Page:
I swore I would never make them again but I did it anyways, where is my restraint? (TBH I was going good for a year or two now, give me credit.)
A couple days ago, a friend of mine Mugi asked me to play some Minecraft with him, and after shaking myself out of shock because I haven't heard that name in a while, I decided to give it a go. Turns out, Minecraft Windows 10 Edition is far worse than normal Java Minecraft, and has way more exploits. In only the first couple days we found ways to instantly kill people and even duplicate items, effectively making us kings of the server. What was even better was that the majority of the user base was simply children playing on tablets, so no real competition here. In order to perfect our craft though, I needed to make a program. Instakill V0 a was a simple java robot that clicked around 600 times with a 2 millisecond delay was the first concoction I made in around 2 minutes just to test the exploit. This worked fine until I had realized I didn't want to keep restarting the program in my IDE to click, and realized I wanted to have a button to activate the spam clicking, so I ventured off into javadocs and google searches trying to figure out how I can globally listen to key presses. I really did not want to create a simple swing program to listen to key presses, and at first there would be no configuration, but after releasing the first program I realized that both Mugi and another friend that we played with had difficulty with the settings I had originally used, it needed to implement some sort of configuration. Then came JNativeHook which did the hard work of hooking into JNI and listening to key and mouse events. But there was one issue, it wasn't some sort of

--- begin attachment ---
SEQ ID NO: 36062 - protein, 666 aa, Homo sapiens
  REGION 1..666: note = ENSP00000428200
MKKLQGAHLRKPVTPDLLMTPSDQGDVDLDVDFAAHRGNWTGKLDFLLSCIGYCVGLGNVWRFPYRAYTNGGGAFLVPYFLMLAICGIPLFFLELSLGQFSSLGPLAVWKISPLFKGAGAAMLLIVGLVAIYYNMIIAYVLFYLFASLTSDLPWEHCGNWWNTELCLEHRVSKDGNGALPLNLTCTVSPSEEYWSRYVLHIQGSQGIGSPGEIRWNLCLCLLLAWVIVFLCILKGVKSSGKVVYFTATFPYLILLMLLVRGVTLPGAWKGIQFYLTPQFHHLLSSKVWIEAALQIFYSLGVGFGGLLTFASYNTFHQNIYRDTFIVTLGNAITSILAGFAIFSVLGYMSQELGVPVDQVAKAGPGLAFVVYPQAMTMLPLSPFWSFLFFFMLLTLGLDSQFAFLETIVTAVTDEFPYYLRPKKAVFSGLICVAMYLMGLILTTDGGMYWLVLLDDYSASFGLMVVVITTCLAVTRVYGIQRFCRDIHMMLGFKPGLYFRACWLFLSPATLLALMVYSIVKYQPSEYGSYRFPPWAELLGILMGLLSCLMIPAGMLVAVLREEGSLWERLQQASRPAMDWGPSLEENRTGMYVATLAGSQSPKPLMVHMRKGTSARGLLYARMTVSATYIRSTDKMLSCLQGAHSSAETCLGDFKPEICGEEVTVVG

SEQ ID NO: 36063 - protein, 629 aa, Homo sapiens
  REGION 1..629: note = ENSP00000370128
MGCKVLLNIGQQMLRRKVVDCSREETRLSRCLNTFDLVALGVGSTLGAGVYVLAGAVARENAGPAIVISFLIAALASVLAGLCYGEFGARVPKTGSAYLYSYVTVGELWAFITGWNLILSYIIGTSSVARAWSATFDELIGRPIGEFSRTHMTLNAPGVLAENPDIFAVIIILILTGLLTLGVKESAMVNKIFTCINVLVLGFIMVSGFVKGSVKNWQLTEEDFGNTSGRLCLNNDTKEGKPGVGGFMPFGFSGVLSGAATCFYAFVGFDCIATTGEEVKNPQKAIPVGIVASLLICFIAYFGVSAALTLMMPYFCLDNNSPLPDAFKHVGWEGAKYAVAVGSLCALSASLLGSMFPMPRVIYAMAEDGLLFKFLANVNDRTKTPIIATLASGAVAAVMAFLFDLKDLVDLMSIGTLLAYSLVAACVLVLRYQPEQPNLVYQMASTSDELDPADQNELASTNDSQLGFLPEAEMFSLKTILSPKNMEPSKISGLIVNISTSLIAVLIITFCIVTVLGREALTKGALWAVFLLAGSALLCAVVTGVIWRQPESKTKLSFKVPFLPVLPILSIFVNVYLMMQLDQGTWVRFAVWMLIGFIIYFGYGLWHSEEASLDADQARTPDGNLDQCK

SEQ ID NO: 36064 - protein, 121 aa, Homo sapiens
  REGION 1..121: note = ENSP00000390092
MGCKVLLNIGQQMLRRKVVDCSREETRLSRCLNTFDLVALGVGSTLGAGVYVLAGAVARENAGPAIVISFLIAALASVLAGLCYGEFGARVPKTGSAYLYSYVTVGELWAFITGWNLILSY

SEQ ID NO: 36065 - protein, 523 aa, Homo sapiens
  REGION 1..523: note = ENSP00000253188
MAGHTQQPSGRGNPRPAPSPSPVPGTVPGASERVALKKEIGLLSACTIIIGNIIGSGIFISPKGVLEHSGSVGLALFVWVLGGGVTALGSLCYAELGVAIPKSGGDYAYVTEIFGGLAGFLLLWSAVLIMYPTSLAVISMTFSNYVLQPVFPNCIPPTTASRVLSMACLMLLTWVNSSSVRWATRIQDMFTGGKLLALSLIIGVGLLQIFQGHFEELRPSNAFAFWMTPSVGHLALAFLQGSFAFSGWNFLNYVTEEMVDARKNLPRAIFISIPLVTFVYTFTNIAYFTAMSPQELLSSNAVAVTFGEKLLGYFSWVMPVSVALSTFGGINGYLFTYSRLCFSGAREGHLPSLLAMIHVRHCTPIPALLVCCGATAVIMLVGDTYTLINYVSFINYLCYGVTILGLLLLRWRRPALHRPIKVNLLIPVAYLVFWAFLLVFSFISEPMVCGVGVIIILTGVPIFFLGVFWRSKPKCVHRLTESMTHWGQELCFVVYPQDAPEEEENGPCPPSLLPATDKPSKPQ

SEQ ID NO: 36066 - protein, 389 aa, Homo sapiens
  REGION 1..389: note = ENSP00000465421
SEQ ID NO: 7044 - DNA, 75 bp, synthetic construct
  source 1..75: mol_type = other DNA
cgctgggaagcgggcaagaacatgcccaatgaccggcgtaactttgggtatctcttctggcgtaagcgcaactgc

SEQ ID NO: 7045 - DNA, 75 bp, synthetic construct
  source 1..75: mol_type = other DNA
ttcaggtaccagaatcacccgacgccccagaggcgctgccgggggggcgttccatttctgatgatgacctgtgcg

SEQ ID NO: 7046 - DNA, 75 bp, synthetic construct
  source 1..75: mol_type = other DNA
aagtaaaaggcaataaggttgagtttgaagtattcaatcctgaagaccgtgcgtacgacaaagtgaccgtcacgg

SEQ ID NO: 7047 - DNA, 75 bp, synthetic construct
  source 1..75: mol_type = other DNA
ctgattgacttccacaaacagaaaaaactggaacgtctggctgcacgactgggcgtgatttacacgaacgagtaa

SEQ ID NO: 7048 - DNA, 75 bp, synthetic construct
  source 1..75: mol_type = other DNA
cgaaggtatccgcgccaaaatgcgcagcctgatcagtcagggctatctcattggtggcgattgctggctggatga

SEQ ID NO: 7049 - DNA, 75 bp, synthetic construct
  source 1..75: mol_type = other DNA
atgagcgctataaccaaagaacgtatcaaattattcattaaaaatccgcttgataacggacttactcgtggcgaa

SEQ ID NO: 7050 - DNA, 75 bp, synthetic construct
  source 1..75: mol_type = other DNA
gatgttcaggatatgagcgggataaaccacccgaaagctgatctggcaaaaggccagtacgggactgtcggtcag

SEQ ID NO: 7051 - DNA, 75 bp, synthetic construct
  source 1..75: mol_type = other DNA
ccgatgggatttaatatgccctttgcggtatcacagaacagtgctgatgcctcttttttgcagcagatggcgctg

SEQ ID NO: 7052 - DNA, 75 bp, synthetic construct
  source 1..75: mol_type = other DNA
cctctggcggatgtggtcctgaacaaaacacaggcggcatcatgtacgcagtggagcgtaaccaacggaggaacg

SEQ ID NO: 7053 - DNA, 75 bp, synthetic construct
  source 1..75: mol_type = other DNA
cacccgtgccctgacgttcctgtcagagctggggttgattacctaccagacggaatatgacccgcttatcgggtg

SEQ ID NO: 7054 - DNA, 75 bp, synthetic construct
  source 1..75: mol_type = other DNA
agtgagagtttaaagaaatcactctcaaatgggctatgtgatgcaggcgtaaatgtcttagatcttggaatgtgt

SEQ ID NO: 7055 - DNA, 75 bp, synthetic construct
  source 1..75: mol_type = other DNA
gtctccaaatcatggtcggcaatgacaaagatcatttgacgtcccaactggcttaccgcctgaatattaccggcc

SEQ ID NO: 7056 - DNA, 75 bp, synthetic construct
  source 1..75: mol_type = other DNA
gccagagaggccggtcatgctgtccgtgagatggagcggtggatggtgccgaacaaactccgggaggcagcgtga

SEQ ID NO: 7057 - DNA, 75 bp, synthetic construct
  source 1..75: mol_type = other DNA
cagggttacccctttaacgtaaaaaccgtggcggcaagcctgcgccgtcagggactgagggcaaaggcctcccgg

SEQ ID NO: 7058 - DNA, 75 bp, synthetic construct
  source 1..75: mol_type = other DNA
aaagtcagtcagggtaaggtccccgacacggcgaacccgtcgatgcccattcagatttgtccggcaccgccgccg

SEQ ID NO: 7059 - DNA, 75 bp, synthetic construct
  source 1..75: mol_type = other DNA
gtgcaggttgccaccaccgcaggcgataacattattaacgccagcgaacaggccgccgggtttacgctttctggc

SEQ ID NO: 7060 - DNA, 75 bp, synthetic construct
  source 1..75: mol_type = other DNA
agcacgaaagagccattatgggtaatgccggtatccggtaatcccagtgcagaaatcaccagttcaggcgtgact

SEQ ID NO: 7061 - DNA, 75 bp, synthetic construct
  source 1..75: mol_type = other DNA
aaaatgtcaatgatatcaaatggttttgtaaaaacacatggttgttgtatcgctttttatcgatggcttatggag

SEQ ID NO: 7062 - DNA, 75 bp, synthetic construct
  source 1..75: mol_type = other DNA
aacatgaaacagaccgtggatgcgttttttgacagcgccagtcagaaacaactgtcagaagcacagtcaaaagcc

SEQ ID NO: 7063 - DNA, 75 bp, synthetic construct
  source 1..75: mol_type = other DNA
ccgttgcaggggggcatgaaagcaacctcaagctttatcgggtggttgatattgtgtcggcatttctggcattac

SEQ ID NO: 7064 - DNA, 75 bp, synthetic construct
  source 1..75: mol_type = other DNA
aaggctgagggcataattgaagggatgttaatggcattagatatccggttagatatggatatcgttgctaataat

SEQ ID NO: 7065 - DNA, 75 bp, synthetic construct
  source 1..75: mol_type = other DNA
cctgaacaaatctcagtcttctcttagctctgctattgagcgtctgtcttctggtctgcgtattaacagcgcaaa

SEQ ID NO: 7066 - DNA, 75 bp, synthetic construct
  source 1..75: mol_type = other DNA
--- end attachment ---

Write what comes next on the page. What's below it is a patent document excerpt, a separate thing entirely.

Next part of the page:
Mouse.getState(MouseEvent.BUTTON1) where that function alone would return a boolean for the state of the mouse button, it was a simple handler that accepted ONLY listeners. I ended up just adding a volatile field like
private volatile boolean isClicking = false; and checking to see if I was holding down a specific button, and to my surprise that worked relatively well. After around 5 hours or so of tinkering with JavaFX (which is GOAT java ui library btw), I present to you NotHacks!
(Disregard the face, it was just a test image for whether or not I could use the icons elsewhere in the pane...)
This was an interesting projects for a few reasons:
- It was written in Java (while Minecraft for Window 10 is written in C++)
- It was a 'cheat' for a UWP game, which are virtually non-moddable.
- I finally got back into JavaFX and learned the beauty of FXML injection and remembered the singleton pattern.
That's pretty much it however. I won't be releasing the source for it but if you know at least 2% of the Java dev kit, you should be able to piece together your own.